Summer Safety

May 22, 2018

Summer is almost here, children are celebrating, and parents are groaning. What will the children do? This is a major concern for parents. 

 

With the combination of too much idle/unsupervised time, high impulsivity and poor decision making skills, summers are particularly risky for teenagers. They are curious about the most dangerous things, and foolish enough to try those things. 

 

I'm not writing about typical summer dangers such as, swimming accidents, broken legs and arms from sports or horseplaying, lyme's disease. I'm talking about children becoming a victim of crime, or being the victimizer in a crime. 

 

Traditionally crime increases in the summer. Already in St. Louis, during the preceding week of Mother's Day Weekend, there were five murders, involving young men.

 

Individuals were leaving a carnival, when a car sped through the crowd. Young men who were crossing the street yelled at the driver. The driver pulled the car to a stop. He and passengers in the car got out, to confront the young men who were walking. The young men pulled out guns and started shooting. Right there in a crowd. Bystanders were caught in the middle of the shooting. Fortunately no one was hurt.

 

Summer isn't even here yet. 

 

Allowing teenagers to have days and days of unstructured, unsupervised time is a mistake parents. I know that teenagers "should" be able to supervise themselves; most are capable of self supervision. If you know that your child is a victimizer, please find a boot camp for him. If your child is a follower, and is susceptible to following someone else into victimizing others, get him away from the poor influences that are surrounding him - by whatever means necessary.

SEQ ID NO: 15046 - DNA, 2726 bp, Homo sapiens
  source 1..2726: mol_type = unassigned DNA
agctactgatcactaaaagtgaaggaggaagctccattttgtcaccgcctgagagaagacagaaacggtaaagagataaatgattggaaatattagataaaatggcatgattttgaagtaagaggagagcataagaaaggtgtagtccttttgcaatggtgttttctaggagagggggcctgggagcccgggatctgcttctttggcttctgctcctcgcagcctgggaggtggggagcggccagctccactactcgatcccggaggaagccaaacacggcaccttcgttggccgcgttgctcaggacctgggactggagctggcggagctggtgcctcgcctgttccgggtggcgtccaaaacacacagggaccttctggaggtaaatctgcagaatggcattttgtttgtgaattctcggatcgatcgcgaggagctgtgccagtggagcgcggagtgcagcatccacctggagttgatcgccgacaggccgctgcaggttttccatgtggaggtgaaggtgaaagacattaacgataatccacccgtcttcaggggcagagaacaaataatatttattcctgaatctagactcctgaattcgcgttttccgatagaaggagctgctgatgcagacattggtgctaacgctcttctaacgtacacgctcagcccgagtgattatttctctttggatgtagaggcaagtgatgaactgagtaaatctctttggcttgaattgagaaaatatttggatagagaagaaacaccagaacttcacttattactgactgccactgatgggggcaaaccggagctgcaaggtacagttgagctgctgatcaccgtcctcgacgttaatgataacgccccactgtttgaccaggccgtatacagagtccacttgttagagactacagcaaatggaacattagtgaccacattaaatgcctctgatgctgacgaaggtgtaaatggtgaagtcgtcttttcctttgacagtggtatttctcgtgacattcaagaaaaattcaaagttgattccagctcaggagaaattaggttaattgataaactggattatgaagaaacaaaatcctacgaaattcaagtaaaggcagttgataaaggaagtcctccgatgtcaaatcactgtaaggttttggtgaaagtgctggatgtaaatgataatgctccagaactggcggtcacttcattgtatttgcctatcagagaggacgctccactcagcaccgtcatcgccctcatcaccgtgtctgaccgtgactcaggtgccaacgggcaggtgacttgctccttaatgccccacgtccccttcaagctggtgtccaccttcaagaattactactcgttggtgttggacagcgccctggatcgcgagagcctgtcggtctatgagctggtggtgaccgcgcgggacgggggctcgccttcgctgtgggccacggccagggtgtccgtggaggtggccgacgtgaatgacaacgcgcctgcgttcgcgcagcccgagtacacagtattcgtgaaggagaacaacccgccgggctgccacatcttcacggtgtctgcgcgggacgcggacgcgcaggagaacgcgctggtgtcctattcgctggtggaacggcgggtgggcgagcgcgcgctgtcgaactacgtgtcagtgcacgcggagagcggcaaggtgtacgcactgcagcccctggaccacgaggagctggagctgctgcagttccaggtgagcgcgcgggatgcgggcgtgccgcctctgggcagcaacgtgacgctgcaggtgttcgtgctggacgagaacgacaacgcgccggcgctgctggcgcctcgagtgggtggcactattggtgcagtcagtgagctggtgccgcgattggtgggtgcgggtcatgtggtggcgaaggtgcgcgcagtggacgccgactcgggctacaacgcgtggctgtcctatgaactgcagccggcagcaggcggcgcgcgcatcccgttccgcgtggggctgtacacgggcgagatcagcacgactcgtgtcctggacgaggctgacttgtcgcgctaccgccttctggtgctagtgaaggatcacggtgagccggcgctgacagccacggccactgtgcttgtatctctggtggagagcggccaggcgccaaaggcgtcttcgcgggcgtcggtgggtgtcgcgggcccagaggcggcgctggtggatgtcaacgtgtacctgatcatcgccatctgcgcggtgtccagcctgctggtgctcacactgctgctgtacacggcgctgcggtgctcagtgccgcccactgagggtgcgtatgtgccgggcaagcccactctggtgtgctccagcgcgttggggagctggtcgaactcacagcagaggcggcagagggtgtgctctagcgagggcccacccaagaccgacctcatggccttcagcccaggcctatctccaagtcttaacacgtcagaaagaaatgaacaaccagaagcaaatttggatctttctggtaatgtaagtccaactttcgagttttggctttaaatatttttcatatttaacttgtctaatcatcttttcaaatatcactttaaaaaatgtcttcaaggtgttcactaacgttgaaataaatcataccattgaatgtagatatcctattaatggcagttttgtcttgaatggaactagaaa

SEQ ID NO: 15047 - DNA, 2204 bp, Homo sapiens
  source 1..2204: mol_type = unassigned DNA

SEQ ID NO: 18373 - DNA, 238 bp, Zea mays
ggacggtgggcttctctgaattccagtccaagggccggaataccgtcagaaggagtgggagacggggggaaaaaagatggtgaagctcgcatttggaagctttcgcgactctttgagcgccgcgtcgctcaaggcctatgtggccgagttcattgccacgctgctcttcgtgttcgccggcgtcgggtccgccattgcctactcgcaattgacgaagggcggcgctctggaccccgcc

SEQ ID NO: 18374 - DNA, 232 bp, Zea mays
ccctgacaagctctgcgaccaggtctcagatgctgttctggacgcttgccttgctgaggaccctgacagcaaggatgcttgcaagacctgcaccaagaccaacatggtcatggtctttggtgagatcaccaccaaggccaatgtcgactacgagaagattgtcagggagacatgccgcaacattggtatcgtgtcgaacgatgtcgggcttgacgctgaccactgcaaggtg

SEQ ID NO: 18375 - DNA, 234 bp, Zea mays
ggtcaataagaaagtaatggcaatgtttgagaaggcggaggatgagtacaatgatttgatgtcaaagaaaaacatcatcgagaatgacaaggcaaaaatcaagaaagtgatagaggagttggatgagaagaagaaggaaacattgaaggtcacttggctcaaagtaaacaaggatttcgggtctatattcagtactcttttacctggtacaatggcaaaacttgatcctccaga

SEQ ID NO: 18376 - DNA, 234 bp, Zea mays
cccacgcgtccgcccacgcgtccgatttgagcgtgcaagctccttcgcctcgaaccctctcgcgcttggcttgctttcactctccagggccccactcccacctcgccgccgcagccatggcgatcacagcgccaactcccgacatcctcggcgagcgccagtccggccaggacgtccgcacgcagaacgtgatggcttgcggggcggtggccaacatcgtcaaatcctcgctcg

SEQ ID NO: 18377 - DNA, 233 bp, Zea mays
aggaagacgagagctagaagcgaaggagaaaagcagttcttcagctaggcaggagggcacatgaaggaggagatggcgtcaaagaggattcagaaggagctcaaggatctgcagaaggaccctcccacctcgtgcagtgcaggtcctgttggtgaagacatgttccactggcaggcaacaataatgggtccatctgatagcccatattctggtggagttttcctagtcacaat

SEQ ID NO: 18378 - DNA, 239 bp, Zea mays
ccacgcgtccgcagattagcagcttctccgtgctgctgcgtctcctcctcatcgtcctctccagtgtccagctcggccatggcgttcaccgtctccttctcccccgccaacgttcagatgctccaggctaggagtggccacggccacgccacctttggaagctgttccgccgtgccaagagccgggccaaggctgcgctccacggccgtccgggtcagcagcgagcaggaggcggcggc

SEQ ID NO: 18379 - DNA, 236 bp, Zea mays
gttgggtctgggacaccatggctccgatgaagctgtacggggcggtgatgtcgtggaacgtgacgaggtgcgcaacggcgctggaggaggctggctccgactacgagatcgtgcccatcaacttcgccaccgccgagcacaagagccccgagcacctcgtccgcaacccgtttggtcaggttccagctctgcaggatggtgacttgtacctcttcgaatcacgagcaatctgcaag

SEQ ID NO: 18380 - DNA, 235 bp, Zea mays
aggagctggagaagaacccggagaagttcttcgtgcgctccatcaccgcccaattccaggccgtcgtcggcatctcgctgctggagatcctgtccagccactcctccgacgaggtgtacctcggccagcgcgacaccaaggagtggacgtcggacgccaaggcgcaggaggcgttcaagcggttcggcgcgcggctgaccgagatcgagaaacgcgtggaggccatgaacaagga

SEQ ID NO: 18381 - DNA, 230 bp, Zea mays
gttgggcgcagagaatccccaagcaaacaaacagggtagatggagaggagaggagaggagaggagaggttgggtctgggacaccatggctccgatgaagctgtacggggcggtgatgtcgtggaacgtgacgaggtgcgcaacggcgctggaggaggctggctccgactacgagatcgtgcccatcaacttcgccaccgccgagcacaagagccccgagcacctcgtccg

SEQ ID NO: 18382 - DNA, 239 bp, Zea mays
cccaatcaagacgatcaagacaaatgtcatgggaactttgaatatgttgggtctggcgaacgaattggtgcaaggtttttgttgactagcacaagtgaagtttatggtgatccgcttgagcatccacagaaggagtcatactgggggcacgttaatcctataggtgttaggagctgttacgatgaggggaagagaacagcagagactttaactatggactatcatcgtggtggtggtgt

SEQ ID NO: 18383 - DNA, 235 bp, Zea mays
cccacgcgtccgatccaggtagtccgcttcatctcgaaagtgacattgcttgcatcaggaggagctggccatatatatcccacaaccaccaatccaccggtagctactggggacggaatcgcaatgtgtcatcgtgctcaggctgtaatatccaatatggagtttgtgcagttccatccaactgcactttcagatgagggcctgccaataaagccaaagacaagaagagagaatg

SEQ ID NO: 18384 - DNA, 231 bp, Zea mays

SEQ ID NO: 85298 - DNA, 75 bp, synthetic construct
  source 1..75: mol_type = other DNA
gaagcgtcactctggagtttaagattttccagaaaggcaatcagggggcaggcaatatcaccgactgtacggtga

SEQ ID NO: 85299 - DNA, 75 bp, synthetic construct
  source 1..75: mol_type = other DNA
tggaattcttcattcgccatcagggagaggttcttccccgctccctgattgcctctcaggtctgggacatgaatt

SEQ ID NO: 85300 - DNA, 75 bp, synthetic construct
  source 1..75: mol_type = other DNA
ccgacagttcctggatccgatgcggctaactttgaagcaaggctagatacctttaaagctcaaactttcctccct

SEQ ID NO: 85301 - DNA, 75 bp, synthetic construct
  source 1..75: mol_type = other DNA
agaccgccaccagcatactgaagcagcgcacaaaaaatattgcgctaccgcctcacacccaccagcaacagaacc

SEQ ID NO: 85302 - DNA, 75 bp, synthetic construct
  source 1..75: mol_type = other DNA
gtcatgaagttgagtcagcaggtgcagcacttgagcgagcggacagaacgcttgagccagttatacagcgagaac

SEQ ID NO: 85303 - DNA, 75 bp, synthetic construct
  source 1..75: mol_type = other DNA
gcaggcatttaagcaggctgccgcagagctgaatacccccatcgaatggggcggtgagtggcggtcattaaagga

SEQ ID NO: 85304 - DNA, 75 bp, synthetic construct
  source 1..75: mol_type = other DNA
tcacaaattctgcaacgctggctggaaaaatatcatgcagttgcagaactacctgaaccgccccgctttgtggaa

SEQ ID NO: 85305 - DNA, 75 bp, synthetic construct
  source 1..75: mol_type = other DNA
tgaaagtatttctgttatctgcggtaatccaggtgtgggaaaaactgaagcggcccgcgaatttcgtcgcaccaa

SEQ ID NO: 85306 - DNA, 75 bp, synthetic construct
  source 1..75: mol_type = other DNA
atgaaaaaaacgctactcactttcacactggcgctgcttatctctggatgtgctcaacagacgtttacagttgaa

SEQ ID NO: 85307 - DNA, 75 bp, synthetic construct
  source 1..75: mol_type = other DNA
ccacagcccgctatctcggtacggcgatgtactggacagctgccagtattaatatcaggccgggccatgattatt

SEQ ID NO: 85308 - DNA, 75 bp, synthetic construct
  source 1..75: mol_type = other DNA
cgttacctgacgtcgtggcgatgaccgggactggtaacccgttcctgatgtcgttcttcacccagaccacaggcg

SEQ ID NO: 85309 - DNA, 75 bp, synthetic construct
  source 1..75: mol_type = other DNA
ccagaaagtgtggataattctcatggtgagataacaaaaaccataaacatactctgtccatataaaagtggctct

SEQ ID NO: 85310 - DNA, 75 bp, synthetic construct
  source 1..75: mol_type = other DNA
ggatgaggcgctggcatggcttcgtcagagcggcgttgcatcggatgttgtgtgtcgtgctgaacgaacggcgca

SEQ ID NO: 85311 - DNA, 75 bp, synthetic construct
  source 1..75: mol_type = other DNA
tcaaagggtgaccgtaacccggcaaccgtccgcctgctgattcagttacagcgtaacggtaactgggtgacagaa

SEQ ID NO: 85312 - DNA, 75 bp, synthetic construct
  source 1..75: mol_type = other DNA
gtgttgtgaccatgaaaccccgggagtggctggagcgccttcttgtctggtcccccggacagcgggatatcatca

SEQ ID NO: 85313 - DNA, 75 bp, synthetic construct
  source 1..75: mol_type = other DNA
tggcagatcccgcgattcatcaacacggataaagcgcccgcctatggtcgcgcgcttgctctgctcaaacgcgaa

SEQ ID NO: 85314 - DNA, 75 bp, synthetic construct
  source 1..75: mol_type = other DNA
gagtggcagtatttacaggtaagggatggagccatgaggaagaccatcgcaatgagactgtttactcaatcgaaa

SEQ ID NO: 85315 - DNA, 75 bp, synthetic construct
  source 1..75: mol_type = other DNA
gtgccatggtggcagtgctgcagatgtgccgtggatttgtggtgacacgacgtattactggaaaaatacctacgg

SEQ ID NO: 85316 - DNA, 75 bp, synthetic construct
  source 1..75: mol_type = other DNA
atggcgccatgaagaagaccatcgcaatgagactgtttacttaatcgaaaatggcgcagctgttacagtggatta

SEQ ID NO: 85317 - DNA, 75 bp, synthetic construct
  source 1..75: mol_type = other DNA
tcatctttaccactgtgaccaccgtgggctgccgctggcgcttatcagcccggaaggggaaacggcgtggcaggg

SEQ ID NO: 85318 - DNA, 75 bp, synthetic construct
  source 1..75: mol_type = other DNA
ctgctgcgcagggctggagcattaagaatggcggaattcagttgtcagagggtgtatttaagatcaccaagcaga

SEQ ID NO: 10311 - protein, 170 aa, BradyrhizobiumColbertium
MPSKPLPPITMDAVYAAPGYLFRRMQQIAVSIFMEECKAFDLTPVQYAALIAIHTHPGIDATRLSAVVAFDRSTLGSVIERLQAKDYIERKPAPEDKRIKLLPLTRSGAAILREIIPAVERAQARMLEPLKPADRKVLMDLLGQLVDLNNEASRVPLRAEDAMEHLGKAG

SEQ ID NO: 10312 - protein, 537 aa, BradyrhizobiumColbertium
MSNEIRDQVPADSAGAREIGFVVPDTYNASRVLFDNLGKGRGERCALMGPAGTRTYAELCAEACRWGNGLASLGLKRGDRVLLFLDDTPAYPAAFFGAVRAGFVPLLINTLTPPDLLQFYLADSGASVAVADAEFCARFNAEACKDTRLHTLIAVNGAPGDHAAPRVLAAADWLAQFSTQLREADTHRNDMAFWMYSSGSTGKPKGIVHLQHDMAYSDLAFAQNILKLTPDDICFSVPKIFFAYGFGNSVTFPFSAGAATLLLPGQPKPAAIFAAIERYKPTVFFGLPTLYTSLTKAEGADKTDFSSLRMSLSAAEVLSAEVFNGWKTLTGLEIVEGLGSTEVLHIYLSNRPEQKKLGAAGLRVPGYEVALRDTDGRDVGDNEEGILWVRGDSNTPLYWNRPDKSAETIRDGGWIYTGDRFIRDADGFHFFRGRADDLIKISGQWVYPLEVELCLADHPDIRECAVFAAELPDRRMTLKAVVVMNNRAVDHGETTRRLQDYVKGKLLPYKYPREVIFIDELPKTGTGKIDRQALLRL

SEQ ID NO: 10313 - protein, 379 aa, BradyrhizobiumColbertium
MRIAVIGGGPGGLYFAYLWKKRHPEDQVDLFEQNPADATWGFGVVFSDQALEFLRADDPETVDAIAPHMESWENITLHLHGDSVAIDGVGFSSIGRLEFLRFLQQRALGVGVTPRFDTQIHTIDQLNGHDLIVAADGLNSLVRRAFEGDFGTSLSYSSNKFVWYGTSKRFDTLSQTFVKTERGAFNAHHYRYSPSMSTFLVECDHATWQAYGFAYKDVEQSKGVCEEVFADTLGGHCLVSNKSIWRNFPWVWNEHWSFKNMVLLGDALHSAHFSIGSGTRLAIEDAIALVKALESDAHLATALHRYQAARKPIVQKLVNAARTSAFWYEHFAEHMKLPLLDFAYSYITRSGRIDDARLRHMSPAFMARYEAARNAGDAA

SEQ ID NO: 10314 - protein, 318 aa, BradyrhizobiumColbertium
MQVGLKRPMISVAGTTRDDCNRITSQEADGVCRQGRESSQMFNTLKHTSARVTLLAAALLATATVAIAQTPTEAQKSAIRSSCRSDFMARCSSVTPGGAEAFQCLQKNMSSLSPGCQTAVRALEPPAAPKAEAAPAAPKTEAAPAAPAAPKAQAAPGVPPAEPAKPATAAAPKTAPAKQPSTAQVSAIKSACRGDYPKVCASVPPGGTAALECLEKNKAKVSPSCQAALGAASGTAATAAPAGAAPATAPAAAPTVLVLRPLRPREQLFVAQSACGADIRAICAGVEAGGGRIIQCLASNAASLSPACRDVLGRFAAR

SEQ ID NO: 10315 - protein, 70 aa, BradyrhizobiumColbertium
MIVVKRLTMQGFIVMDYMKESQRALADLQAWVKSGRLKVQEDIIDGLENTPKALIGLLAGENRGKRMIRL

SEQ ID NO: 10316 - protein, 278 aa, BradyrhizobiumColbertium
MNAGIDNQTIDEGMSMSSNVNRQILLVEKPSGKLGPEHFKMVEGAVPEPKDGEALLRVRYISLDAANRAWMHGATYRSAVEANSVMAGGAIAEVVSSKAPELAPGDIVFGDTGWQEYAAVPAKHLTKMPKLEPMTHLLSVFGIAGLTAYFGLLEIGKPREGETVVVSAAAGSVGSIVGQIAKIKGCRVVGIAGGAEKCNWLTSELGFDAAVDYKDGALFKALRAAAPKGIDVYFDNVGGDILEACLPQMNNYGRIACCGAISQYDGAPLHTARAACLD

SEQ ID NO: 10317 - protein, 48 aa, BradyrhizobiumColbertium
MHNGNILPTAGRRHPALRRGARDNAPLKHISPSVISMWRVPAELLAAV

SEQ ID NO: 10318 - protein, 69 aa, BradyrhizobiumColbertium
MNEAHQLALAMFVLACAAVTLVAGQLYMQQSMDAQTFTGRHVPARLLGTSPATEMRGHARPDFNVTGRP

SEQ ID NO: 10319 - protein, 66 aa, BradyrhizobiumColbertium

While you can't lock teens up to keep them out of trouble, please be proactive, and find something for them to do.

 

Here are some ideas that may be helpful:

 

1. Help them find full time jobs, if jobs aren't paid, volunteer work is always available.  

 

2. What about sport camps, and community programs?

 

3. What about a babysitter? Yes a babysitter. 

 

If you have to, please spend your last penny and put distance between them and poor influences. They will complain, they will gripe, but you may save their lives and futures; you may save other people's lives and futures.

 

I recently heard about a mother who's son was caught on camera robbing someone at gunpoint. How embarrassing... there he was face directly in the camera. She took a bold step and turned him in to the police. Kudos to her. 

This mother understands; something has to change. She had to make a hard decision, but this may be the experience this young man needs to make a change in his life.

 

We want change in our communities and nation. To get that change, we will have to pay a price. In this mother's case, the price was a hard decision. I hope her son's experience was enough for him to make different decisions in the future. Her price was only a decision to turn him in. Too often the price is lives. The life of the victim when they are killed and the life of the victimizer, when they are imprisoned. 

 

Everybody wants peace and safety at home, in the community and in the schools. Peace and safety comes with a price; we must pay the price in the home first. We can't afford to put on blinders and not see criminal activity, or the criminals our children are involved with. If you see the problem, get help, be extreme.

 

Ignore people telling you it's not that serious. Only you will show up for court, pay bail money, or visit a prison regularly; or you will suffer the most at a funeral for your child. This is a battle, and it's not just for your child's life, but for their futures as well.

 

I love summer. I love safe summers more. May this summer be safe and healthy for all of us.

 

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